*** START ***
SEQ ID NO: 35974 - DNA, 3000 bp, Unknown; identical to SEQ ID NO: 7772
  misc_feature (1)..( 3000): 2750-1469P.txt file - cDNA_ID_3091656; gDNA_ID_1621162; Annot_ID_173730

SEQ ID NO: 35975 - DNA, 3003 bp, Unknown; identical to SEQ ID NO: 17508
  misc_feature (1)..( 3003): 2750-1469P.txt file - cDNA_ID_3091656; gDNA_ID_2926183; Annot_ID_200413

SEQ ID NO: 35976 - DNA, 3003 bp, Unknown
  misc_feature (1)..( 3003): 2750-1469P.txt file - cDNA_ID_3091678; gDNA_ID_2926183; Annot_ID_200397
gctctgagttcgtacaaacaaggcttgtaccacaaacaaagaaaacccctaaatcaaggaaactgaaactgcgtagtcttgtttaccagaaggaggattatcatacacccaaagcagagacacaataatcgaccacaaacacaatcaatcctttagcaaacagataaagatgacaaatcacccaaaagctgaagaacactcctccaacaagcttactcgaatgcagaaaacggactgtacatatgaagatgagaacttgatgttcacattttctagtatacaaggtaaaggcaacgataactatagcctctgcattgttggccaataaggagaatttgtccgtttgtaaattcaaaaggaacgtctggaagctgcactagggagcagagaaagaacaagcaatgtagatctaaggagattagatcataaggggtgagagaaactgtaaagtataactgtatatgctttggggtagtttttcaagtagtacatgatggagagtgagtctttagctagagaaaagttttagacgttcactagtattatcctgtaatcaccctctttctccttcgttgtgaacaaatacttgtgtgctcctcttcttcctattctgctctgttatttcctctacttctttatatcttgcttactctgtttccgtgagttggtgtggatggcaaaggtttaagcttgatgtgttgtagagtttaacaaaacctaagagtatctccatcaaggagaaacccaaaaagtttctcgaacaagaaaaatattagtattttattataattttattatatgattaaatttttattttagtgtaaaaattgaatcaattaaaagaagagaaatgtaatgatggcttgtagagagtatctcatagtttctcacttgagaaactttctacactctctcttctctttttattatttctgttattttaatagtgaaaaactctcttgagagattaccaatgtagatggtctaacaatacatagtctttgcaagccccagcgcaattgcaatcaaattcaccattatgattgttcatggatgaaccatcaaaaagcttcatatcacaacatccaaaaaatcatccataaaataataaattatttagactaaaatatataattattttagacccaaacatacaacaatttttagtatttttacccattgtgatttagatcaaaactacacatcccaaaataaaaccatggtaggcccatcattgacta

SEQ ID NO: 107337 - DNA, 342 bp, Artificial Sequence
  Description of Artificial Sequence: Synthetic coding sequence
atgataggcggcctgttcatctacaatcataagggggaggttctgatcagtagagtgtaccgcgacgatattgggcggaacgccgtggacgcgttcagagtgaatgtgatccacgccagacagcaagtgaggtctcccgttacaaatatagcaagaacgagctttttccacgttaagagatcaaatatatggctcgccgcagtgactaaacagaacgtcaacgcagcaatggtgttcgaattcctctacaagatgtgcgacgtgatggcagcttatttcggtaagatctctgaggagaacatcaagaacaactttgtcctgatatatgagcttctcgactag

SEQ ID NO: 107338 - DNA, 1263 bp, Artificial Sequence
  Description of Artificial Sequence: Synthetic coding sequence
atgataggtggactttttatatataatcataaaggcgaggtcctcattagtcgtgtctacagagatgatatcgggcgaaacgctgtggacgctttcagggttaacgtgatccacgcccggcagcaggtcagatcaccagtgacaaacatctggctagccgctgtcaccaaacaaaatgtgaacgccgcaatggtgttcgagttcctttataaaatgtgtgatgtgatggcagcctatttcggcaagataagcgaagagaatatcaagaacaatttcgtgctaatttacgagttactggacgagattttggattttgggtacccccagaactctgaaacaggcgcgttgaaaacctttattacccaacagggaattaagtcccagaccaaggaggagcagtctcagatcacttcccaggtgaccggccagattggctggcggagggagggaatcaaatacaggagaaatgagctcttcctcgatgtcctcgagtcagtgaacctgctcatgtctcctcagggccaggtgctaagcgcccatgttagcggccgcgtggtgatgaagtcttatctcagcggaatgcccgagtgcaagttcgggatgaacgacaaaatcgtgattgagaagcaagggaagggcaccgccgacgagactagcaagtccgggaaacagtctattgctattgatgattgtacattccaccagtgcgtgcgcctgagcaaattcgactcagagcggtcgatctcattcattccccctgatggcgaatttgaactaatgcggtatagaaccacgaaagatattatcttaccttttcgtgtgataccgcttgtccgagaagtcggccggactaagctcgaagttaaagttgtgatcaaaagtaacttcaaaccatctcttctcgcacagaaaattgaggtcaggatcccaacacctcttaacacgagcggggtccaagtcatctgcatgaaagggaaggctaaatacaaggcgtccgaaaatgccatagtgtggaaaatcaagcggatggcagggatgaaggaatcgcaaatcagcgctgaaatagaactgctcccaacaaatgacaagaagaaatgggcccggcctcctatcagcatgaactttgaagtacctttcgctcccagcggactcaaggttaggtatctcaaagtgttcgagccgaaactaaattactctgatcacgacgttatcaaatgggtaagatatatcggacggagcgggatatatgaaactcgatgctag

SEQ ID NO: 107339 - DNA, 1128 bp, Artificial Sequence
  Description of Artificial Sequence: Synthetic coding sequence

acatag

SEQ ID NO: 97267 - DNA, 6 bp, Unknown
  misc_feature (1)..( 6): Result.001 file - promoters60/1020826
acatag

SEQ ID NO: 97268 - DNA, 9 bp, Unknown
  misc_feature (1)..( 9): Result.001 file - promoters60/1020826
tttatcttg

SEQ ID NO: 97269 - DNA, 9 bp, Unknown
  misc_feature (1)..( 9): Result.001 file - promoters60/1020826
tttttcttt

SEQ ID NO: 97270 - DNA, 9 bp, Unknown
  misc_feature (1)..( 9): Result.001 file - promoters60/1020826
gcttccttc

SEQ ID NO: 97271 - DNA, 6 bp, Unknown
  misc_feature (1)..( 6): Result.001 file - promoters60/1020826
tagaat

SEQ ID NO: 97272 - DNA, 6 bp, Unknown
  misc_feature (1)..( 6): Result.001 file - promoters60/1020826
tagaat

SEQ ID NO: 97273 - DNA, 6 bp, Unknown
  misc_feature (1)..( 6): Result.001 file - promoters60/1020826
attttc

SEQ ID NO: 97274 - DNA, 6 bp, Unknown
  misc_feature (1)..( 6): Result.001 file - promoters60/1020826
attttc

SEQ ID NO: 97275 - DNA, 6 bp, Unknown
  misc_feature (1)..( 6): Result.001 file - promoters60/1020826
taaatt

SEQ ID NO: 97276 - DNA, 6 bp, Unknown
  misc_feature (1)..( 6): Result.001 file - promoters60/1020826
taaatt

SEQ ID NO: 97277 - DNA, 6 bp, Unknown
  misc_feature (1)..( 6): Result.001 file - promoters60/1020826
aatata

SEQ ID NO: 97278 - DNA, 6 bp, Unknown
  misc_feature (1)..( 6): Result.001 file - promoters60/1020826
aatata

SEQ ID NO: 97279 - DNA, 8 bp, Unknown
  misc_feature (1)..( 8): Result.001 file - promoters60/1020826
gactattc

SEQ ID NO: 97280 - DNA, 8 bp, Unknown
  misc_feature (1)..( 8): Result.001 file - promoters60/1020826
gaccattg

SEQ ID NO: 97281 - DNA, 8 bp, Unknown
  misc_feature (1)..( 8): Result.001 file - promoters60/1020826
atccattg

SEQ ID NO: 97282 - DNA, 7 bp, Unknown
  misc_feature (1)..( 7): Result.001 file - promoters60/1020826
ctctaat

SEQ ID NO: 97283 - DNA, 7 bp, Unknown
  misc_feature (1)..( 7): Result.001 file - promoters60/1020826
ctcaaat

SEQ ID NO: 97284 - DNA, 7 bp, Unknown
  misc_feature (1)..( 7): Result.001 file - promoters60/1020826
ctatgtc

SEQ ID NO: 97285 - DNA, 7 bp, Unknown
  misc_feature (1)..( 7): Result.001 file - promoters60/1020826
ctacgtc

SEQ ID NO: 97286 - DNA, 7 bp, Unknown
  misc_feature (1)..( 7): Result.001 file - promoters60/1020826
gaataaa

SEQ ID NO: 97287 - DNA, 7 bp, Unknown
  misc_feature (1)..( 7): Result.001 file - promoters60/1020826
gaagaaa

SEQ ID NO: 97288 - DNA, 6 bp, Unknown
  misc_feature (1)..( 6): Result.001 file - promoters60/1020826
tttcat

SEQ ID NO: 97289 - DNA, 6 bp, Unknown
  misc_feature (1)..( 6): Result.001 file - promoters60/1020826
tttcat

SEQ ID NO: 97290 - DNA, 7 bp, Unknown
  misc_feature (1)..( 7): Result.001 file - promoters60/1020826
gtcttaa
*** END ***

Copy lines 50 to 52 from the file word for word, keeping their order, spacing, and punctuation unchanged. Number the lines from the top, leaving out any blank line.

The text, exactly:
SEQ ID NO: 97278 - DNA, 6 bp, Unknown
  misc_feature (1)..( 6): Result.001 file - promoters60/1020826
aatata